Networking their way to freedom
Doek on Fleek, which was started in 2016 by Nomthandazo Thandi Mavata is more than just a trending hash tag on social media. Mavata says her childhood dream of making female empowerment a reality is finally bearing fruit.
The 36-year-old accountant, who fondly calls herself 'uBabesWeDoek', says the very first Doek on Fleek event was meant to be a once-off. "Doek on Fleek was just a Mother's Day special theme, where I hosted hundreds of ladies in 2016. It was themed 'doek it like your mother taught you'.
"After seeing the beauty and interest for the event I decided to look into having it monthly. It's then when it became a passion project for me. I had always been a strong advocate for empowerment . It saddens me that in our society there's a notion that women do not want other women to succeed, and I felt compelled to dispel that by proving that women could indeed stand together and support one another."
Mavata's initial focus was to provide women from all walks of life with a platform where they could sell products as a means to provide themselves with financial liberation. And, if you have never been privileged to swaai a doek, lessons are on offer at these events.
She says it's the lessons we learnt from our mothers before us that we pass down to generations born to us.
She has successfully hosted more than 30 events.
Mavata who comes from a background of strong women in Kwazakhele township in Port Elizabeth says her grandmother was her motivation to be financially savvy. "She sold sweets and soon she was buying and selling cloth. She was known in the community and up to three years ago, before her death, she was somewhat of a money lender in the location.
"I admired that she never had to work for anyone to make ends meet."
Doek on Fleek has "now become a powerful movement. In my quest to empower women I have found that there are many women that share my sentiments."
It has since grown to have more than 800 women per event and has spread to provinces around SA.
"I have also started to partner up with ladies who wish to host a Doek On Fleek events in their areas, where I come in and assist with capital and human resources and in this way they are guaranteed to have additional income without risking their own funds."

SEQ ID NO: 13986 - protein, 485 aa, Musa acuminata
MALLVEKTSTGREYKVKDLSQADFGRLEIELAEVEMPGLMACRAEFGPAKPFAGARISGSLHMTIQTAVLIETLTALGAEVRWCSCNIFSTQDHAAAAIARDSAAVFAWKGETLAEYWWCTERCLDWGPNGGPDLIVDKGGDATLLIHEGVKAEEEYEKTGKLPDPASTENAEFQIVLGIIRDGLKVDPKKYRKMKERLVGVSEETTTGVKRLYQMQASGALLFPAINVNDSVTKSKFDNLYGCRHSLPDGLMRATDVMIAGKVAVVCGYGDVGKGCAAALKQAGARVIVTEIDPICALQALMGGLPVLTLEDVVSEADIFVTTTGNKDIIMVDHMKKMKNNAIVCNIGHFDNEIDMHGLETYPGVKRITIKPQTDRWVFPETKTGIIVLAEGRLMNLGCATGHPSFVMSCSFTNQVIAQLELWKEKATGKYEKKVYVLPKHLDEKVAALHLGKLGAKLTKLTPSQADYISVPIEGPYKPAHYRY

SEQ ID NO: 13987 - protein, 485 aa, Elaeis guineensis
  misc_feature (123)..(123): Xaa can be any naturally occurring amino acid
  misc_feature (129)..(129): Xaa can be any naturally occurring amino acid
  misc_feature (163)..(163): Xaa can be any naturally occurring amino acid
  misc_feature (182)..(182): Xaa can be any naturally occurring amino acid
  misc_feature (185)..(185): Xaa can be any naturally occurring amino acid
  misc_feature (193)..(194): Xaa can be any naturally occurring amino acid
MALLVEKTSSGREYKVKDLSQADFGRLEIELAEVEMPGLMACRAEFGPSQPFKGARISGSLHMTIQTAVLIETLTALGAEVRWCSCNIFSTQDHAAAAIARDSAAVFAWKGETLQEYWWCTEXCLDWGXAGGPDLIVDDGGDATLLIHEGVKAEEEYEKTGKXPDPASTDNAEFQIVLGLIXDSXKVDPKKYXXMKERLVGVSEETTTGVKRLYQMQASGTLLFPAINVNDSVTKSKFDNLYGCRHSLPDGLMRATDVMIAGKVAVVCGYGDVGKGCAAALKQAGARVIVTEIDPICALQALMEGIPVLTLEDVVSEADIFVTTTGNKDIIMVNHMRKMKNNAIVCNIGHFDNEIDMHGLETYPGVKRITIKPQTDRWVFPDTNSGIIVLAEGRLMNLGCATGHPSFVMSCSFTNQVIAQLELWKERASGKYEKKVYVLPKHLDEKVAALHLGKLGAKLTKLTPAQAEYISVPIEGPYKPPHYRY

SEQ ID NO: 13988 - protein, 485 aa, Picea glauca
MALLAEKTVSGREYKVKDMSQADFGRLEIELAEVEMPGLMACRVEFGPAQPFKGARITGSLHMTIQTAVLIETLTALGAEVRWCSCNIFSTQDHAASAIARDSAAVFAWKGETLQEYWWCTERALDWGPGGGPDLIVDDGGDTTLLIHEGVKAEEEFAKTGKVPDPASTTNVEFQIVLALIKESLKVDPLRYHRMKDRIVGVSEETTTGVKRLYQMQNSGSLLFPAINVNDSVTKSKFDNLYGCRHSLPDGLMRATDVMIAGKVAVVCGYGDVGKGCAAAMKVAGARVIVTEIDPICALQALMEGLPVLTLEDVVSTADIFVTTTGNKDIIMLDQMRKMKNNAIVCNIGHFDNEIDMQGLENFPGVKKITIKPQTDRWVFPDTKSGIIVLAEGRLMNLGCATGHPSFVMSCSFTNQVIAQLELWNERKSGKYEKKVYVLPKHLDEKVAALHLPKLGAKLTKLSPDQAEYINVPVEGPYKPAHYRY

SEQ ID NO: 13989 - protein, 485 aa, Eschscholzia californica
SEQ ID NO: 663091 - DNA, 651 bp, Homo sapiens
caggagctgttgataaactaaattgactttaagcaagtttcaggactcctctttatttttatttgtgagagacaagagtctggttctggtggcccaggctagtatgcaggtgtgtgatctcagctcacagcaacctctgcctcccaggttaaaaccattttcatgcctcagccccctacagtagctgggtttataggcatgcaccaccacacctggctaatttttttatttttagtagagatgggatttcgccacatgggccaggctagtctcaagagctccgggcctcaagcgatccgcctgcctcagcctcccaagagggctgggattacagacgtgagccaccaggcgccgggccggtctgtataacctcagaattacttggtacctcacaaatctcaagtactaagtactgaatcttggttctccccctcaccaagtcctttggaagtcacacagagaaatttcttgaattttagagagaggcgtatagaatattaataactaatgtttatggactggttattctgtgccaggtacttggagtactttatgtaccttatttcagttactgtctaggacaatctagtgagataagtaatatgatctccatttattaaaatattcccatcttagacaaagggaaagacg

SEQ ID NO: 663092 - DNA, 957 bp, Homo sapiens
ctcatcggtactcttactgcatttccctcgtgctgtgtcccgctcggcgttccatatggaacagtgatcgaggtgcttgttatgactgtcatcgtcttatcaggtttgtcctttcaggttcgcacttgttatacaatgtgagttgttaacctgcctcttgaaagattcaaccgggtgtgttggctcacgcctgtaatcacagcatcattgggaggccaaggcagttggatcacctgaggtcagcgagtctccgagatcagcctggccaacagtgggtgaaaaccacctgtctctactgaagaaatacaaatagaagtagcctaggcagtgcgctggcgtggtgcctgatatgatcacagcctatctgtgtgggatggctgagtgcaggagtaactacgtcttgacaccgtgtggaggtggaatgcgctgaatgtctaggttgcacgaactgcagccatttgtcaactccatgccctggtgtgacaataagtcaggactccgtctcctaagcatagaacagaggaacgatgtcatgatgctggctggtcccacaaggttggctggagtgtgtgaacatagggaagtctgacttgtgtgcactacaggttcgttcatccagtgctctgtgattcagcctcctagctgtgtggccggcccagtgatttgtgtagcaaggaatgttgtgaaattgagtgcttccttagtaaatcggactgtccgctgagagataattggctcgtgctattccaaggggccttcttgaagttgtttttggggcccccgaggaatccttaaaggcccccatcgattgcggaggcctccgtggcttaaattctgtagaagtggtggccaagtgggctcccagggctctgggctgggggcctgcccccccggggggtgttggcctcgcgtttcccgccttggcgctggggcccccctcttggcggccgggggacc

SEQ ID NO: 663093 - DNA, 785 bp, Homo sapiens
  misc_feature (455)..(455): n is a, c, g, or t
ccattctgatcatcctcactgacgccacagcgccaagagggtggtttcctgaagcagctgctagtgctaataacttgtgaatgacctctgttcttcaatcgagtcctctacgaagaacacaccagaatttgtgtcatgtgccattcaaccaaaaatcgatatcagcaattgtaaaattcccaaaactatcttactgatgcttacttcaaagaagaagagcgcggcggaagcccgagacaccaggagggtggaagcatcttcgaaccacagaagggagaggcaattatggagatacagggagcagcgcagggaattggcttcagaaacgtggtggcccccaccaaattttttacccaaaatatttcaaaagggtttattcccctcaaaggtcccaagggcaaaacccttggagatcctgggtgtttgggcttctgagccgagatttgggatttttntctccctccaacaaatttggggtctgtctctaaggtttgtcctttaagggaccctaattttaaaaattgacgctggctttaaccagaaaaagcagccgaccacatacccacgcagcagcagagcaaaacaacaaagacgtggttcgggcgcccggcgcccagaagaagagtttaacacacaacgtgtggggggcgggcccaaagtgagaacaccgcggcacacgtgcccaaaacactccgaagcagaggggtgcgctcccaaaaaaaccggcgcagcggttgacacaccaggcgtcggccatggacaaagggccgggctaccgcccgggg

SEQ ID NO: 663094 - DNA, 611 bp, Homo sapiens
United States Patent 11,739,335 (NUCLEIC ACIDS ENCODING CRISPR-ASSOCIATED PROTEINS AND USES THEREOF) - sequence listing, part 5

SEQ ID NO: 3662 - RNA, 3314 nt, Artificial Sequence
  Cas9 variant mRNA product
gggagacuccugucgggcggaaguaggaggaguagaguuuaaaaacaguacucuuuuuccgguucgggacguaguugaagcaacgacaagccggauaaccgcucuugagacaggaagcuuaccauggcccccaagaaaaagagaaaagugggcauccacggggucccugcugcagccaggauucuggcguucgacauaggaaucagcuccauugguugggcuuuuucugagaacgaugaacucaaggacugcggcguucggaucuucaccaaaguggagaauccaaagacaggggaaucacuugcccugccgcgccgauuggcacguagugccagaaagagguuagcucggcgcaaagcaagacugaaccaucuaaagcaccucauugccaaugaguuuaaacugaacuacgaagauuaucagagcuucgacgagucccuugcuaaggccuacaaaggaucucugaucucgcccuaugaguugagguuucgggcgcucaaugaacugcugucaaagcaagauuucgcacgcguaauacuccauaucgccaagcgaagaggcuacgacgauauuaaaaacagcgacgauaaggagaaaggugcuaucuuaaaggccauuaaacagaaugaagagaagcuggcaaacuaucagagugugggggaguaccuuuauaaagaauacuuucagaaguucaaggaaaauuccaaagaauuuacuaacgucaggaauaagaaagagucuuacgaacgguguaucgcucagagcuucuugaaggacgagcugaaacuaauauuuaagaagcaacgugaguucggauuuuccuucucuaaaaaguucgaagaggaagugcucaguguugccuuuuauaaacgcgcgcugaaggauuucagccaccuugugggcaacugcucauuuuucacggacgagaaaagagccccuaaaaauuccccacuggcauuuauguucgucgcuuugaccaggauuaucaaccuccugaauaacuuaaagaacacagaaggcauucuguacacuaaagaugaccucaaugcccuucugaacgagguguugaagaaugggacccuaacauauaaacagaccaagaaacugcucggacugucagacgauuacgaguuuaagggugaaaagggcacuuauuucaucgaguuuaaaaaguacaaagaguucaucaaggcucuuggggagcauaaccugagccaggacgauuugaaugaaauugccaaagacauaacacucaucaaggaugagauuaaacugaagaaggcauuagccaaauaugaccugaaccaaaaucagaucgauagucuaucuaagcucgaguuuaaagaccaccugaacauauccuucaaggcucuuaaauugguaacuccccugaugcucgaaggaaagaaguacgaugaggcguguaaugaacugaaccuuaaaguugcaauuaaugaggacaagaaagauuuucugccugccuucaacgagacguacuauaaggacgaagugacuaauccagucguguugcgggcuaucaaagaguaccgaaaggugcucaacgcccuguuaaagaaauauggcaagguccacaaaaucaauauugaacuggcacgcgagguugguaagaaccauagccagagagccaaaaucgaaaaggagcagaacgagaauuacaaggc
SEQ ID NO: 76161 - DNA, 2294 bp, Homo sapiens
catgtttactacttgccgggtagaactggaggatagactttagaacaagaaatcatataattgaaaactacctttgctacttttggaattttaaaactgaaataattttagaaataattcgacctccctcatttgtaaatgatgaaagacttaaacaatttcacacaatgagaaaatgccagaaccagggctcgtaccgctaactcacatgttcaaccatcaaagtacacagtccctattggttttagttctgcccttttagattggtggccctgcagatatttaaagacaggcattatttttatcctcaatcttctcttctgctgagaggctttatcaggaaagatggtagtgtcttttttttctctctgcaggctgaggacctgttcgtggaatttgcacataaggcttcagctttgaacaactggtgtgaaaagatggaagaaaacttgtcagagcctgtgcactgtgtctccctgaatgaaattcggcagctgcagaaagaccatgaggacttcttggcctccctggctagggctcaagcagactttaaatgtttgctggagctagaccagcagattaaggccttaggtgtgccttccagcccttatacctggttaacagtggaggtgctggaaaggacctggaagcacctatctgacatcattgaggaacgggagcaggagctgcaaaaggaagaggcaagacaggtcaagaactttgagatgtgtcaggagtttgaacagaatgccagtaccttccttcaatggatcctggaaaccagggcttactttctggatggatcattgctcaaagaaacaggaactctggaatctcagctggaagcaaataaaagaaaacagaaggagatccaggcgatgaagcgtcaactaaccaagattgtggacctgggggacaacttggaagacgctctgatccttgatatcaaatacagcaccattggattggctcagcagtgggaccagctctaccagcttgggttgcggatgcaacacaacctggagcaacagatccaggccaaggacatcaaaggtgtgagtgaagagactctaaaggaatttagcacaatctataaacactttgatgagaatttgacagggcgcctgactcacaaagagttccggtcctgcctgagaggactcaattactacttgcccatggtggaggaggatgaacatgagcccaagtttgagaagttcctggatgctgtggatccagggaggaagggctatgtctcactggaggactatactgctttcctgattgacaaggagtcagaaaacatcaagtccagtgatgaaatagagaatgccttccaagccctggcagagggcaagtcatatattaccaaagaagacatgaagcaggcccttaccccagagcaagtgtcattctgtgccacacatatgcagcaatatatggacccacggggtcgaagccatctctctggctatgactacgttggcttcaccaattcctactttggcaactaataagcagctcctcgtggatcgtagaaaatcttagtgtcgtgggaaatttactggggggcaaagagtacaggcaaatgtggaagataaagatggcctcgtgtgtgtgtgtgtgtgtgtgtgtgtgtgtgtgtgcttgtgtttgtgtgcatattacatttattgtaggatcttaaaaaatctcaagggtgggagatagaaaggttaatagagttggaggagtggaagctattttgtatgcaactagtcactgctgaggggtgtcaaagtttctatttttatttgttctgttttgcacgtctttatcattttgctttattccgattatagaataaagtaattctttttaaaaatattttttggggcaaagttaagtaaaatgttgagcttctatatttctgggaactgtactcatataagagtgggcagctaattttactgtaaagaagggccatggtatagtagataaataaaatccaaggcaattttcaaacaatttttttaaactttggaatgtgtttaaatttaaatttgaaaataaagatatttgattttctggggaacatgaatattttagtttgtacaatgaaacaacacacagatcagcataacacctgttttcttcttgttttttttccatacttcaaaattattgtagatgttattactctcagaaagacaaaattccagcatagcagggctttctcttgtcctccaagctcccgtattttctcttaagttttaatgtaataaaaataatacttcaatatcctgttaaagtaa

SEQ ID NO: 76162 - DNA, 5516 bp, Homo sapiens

As to why she went with the doek theme: "The head wrap or doek as we call it holds significant meaning in African culture, even in ancient Egyptian times regal head wraps would signify royalty. Here when a woman has her hair in a doek it is a way to show respect to those around her.
"So for me, Doek on Fleek was a way to say to women, let us stand together - all races and tribes - and wear our crowns [doeks] proudly while still showing one another respect. We went with doeks as opposed to African attire because we wanted something that could be inclusive of all women, not only African women."
Her goal is to unite the women of SA regardless of age, race or creed. But she doesn't compromise on men who are barred from these gatherings.
Doek on Fleek gels with the arts
Carmen Mockie and Wendy Derison are two women inspired by the Thandi Mavata brand.
In support of Women's Month and empowerment of the female species, Mockie, 36, and Derison, 25, put on a grand show of their version of Doek on Fleek. "The idea was sparked by fellow partner Wendy and all of us agreed immediately," says Mockie.
"We wanted to contribute in support of Women's Month. Our business is centred around developing and promoting a culture which promotes responsible citizenship through the performing arts and various lifestyle events in the city and ultimately the province."
Mockie says they chose the Doek on Fleek theme to create social consciousness.
"As entrepreneurs, our objective is not only to excel in business but to also look at how we can use social trends [like the doek] to create social consciousness.
"The doek concept is not only a fashion statement but is an accessory that one can add to whatever fashion sense you have. It appeals to both the liberal and the slightly conservative. This was ideal for us because the doek was simply a tool we used to engage with women."
They took their event to the Moods and Flavours venue - a live music and bistro venue on August 8.
"We run the business as family (with two male relatives). We are four and hail from Heidedal in Bloemfontein," she says.
They hope their women empowerment programme will encourage women to attend their weekly sessions and enjoy cocktail ladies nights on Thursdays, RnB Fridays and live music on Saturdays.
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